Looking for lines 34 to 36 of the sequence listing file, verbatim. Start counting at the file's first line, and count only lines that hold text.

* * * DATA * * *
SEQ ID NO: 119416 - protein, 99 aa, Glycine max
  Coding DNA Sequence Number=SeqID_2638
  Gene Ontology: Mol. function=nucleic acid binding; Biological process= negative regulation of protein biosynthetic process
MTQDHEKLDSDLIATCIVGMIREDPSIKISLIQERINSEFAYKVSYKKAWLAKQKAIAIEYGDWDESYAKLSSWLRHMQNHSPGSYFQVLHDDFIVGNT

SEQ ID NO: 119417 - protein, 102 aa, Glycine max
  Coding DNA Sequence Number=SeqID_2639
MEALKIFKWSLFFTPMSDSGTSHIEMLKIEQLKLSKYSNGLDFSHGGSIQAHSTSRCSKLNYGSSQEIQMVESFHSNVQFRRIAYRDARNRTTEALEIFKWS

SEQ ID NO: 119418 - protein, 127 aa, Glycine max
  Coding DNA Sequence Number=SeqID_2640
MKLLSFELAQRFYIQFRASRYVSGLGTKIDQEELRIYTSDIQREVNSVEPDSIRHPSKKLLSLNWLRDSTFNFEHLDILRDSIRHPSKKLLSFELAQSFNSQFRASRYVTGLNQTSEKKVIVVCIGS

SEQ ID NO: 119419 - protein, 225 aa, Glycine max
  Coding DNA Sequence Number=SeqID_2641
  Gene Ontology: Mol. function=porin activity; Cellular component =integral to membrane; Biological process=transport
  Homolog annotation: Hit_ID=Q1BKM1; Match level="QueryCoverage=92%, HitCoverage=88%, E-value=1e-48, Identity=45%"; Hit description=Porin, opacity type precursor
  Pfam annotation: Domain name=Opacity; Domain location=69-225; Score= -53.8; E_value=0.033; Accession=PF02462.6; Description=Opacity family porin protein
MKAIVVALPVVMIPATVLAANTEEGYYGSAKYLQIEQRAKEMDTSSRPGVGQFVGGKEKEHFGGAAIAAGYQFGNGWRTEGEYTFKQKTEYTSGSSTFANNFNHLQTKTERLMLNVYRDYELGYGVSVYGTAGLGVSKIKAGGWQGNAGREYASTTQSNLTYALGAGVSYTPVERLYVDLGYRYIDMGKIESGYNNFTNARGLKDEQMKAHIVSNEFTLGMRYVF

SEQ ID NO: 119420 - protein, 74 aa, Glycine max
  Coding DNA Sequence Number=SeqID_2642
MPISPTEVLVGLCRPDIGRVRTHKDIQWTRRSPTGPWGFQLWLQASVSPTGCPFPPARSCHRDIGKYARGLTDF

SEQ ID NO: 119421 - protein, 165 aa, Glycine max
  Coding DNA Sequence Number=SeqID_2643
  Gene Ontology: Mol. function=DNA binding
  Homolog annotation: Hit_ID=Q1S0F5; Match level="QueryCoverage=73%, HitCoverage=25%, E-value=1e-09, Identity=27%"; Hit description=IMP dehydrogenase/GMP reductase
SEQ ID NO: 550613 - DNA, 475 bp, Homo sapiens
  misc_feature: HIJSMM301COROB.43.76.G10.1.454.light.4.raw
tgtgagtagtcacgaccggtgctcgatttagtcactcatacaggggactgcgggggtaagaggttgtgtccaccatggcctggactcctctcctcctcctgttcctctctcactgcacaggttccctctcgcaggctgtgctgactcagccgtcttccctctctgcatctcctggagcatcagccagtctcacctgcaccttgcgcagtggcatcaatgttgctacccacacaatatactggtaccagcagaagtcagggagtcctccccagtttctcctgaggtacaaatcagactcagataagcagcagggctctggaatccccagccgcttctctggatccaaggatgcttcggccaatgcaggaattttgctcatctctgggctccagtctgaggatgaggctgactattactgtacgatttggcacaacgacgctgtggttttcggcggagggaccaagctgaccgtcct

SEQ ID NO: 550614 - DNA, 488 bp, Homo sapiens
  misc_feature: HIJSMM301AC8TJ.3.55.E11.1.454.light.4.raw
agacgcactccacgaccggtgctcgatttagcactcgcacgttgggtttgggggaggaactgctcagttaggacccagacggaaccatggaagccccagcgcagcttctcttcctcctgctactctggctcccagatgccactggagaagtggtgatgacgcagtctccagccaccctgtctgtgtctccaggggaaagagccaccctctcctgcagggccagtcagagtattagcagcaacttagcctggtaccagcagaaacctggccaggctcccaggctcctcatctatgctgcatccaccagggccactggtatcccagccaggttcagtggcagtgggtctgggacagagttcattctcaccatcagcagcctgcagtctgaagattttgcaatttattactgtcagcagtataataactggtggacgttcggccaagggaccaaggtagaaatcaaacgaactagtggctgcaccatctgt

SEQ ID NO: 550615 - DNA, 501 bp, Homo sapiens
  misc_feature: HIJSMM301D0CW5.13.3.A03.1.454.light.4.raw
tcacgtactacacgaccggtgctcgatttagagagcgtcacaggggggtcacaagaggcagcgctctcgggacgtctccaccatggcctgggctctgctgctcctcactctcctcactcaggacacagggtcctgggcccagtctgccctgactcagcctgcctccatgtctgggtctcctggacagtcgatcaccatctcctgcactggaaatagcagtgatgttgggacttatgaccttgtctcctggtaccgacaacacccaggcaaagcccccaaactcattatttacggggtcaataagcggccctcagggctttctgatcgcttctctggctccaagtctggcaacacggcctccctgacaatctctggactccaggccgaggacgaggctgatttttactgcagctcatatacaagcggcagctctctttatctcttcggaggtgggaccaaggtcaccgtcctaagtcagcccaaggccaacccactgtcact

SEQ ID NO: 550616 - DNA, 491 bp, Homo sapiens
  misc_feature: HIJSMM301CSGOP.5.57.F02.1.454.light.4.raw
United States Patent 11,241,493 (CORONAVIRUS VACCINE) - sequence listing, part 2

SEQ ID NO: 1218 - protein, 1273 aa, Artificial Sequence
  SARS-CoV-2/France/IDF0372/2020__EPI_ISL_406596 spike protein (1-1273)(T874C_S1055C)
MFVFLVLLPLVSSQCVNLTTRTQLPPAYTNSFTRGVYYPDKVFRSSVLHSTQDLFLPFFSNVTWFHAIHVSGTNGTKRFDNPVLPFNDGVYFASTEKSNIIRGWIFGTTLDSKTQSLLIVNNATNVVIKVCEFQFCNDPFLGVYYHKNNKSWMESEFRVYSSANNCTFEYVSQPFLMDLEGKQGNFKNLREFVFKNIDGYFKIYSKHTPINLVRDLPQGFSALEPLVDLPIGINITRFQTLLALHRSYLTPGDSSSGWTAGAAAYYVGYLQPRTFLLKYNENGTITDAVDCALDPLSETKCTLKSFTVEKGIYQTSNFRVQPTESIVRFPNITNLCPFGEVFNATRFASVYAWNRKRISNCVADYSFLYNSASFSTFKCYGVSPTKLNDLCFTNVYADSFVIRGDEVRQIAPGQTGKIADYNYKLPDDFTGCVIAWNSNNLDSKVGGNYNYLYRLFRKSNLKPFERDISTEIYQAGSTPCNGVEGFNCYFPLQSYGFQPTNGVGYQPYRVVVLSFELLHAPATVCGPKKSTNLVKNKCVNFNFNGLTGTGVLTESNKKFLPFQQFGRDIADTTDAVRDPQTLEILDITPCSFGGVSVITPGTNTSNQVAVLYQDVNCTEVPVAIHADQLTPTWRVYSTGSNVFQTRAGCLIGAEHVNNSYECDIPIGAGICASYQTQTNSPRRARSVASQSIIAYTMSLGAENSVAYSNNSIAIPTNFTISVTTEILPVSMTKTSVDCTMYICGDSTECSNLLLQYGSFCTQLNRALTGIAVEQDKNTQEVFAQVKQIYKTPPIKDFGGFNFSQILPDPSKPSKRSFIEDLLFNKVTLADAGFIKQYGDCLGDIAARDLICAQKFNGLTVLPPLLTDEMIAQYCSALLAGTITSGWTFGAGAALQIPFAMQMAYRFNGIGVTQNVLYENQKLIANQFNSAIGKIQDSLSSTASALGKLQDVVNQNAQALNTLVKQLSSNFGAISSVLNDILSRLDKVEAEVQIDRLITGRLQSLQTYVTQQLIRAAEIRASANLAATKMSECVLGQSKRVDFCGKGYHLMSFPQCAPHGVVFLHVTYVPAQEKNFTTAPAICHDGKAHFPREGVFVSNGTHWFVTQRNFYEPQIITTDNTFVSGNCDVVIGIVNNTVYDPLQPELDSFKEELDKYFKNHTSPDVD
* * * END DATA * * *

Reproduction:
  misc_feature: HIJSMM301CSGOP.5.57.F02.1.454.light.4.raw
United States Patent 11,241,493 (CORONAVIRUS VACCINE) - sequence listing, part 2

SEQ ID NO: 1218 - protein, 1273 aa, Artificial Sequence